Shea has a couple of distinguishing features – the stadium is painted blue, unlike virtually every other baseball park, which are usually simply the color of the materials used to build them. There is a large apple that rises out of a top hat whenever a Met hits a home run. But Shea has the same shortcomings as the other multi-purpose stadiums of the 1960s and 1970s – it’s big, round, symmetrical and somewhat lacking in character.
As we walked around, we kept an eye on the skies. The promised halt in the rain hadn’t happened yet – in fact, every time we looked out from under the stands, it seemed to be raining even harder. Then, at 8:15 PM, the announcement came that, for the first time ever, a Two Guys and a Map game had been rained out.
The game was to be made up the next night. We couldn’t stay for that – we had tickets for the Nationals game in Washington. Despite the fact that the game wasn’t played, we decided that Shea Stadium counts as a park visited by Two Guys and a Map. As Dave's friend Bill said "Rainouts are a part of the game and have been ever since Abner, or whoever really, invented the game." We had tickets, we showed up – there was a good faith effort on our part to see baseball at Shea. We did get to walk around most of the stadium (despite a very small crowd and the long rain delay, fans with upper deck seats were not allowed to walk around the lower bowl of the stadium) and make notes of its pros (few) and cons (many.) So we chalked it up as a park visited and headed for home.
The next evening we headed for the new home of the Washington Nationals. Corporate naming rights hadn’t been sold yet so it was named Nationals Park. After relocating from Montreal, the Nats had played their first three seasons in Washington at RFK Stadium, the first of the 1960s multi-purpose stadiums. Those stadiums simply aren’t good for baseball and part of the deal that brought the team to town was an agreement that a new stadium would be built.
The field itself is asymmetrical, partially in honor of Griffith Stadium, the home of the original Washington Senators (where part of the outfield had to come in and around a house outside the center field wall.) The Nationals insignia, a curly W, has been cut into the center field grass. The scoreboard is very nice – the huge high definition screen has great picture quality. We had been at Chase Field in Phoenix just a couple of weeks earlier, where the huge scoreboard showed a lot of information but the presentation was so busy that it was hard to read. Not so with the one at Nationals Park. A lot of statistical information is shown in a very clear, readable manner. The out of town scoreboard is built into the center field wall and it not only shows the score and inning, it lets you know which team is currently at bat, the number of outs and where the baserunners are.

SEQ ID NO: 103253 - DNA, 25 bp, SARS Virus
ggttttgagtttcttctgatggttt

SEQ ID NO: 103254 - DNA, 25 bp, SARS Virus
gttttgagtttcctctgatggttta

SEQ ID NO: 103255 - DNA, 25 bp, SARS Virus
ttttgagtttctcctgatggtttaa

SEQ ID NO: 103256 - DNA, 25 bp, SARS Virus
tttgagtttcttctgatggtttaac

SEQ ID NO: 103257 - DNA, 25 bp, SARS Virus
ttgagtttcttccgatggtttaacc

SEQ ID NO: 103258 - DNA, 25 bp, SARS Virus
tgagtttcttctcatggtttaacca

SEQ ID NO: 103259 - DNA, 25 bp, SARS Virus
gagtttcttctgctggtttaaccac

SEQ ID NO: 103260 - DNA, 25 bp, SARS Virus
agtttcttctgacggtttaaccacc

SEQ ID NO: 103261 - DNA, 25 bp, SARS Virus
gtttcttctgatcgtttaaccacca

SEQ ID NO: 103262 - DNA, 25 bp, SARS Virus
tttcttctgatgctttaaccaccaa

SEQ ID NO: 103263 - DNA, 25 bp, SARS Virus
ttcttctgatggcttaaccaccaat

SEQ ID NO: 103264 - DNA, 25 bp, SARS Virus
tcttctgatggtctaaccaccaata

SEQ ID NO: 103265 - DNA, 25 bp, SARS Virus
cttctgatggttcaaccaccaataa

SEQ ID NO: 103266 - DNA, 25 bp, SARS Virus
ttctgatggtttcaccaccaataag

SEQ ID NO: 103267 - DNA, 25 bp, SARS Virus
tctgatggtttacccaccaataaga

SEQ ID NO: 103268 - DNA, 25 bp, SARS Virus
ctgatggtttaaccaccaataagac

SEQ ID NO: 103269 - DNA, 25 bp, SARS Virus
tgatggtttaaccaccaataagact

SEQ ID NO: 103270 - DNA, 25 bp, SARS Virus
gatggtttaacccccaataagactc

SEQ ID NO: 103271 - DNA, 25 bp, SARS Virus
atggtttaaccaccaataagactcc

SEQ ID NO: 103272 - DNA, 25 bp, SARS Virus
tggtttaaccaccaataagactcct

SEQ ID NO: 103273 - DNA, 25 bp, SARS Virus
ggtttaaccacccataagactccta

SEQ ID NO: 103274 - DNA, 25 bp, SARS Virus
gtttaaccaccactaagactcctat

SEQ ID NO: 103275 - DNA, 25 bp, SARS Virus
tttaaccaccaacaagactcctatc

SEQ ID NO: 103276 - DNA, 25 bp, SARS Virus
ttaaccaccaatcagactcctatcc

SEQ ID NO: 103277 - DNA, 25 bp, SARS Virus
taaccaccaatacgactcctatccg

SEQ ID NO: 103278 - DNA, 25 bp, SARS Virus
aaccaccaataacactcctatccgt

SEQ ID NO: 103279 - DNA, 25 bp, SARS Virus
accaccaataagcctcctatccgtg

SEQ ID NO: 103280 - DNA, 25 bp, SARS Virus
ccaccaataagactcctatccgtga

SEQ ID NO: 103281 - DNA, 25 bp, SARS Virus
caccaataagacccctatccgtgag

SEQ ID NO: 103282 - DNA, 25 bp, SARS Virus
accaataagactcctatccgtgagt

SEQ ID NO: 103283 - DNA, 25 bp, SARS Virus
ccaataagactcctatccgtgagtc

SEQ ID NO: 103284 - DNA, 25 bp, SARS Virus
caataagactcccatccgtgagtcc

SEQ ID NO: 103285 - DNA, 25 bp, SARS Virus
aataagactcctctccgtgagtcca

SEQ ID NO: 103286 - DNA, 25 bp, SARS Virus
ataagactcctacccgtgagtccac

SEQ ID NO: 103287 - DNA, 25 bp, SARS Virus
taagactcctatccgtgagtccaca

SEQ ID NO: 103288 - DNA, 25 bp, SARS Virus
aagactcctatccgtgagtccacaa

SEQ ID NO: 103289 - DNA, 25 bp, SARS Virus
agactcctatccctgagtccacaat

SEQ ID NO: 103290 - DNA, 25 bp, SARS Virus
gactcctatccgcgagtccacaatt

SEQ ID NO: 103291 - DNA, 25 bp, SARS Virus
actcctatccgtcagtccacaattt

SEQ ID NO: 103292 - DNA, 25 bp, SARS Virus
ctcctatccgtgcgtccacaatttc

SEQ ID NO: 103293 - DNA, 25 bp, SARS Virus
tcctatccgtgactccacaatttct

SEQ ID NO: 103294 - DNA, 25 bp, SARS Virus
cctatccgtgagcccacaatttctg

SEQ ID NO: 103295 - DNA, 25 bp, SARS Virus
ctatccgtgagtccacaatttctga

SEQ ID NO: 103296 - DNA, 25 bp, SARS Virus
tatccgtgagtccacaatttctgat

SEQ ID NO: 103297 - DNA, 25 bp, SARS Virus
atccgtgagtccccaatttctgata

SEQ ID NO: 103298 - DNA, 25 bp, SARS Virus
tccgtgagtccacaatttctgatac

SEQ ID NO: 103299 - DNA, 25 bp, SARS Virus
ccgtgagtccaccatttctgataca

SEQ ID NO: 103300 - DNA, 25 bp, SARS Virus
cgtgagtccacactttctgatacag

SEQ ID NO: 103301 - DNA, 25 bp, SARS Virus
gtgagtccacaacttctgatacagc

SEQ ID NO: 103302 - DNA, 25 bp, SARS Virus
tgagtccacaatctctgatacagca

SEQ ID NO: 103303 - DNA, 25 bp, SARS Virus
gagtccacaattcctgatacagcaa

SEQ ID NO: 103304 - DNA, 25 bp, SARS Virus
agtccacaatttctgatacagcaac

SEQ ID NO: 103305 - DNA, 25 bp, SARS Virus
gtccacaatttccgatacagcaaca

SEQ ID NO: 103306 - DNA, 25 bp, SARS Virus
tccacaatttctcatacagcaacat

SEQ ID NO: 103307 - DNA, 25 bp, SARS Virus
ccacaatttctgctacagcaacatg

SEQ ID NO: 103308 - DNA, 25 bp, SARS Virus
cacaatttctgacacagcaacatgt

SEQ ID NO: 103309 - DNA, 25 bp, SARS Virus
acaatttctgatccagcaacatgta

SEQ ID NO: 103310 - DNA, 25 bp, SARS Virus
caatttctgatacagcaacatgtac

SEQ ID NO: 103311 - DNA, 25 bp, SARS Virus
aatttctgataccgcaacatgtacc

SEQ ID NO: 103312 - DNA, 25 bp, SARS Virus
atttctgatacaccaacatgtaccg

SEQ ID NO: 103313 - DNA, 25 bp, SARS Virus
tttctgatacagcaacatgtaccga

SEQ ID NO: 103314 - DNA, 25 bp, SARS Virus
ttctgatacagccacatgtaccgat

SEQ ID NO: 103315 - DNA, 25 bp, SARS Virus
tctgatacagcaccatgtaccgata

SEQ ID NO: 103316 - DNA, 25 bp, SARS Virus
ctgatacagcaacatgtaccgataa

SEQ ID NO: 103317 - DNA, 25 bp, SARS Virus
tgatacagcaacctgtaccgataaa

The sightlines from the 41,000 seats are generally excellent. The Nats have done a pretty good job on pricing – basically, the really expensive seats in the lower bowl subsidize the upper deck, making prices up there fairly reasonable. At the time of this game, the most expensive seats were $330 each and not selling at all. This left the impression when one watched the game on TV that no one was there because those are the seats that are most visible on the standard TV shot of the batter taken from centerfield. On the other hand, there are excellent seats that can be had for around $20 each.
The game itself was a disaster for the Nats. On our Sunshine State Mini Tour the year before we had seen the Marlins destroy the Nationals. This game was even worse. Cody Ross of the Marlins hit the first pitch of the game for a home run. The Marlins scored not one, but two runs on wild pitches. They scored seven runs in the fourth inning. Four of those came on a grand slam by Dan Uggla, who had smashed two long home runs in the game the year before. The Nats managed only three hits and went down 11-0.
For the second year in a row, our Washington D.C. tickets had been provided to us by Dave’s friend Kevin. Despite the debacle happening on the field, we had fun sitting with Kevin and enjoying the beautiful night, which was a far cry from the awful weather we’d experienced the day before.
Part II: Leave No Doubt
July 9 - Tampa Bay Rays vs. New York Yankees, Yankee Stadium
July 9 - San Francisco Giants vs. New York Mets, Shea Stadium
We had been to Shea and considered it to have been visited by Two Guys... but still, we hadn't actually seen baseball played there. Besides, we had the rainchecks to use - so we checked the schedule and found one of those rare days where the Yankees and Mets both played at home. We were able to get tickets to the Yankees game and use our rainchecks from the May 9 game to get Mets tickets as well. So on the morning of July 9 we hopped on the train and rode from Washington to New York.
We checked into our hotel and headed on up to Yankee Stadium. If you'd told us before the season started that we'd see the first place team in the American League East playing in Yankee Stadium on July 9, we wouldn't have been surprised. If you'd told us it would be the Tampa Bay Rays who were in first place, we would have probably laughed. But that was indeed the case.
This was the final time we'd visit the old Yankee Stadium. To DC's delight, the last thing we saw there was Derek Jeter scoring from first base on a double by Bobby Abreu in the bottom of the tenth inning, giving the Yankees a 2-1 victory in a very well played game.
We then took the subway back downtown. The 161st Street station was packed with people after the game and we got to talking with two very nice couples from California, both of whom were in New York specifically to go to baseball games. They made the wait in the oppressive heat a little more tolerable.
The next morning, it was up early and back on the train. We headed to Washington and were both at work before noon.
And with that, the Two Guys and a Map Big Apple Tour(s) came to a close. We’d now been to all but two of the current Major League parks… but there was one more mini-trip scheduled for 2008.
Page URL: http://twoguysandamap.com/TwoGuys2008Apple.htm
Created on 06 May 2008. Last Updated:
Two Guys' Webmaster: Dave Pasternak firstname.lastname@example.org
© copyright 1999-2016 Dave Pasternak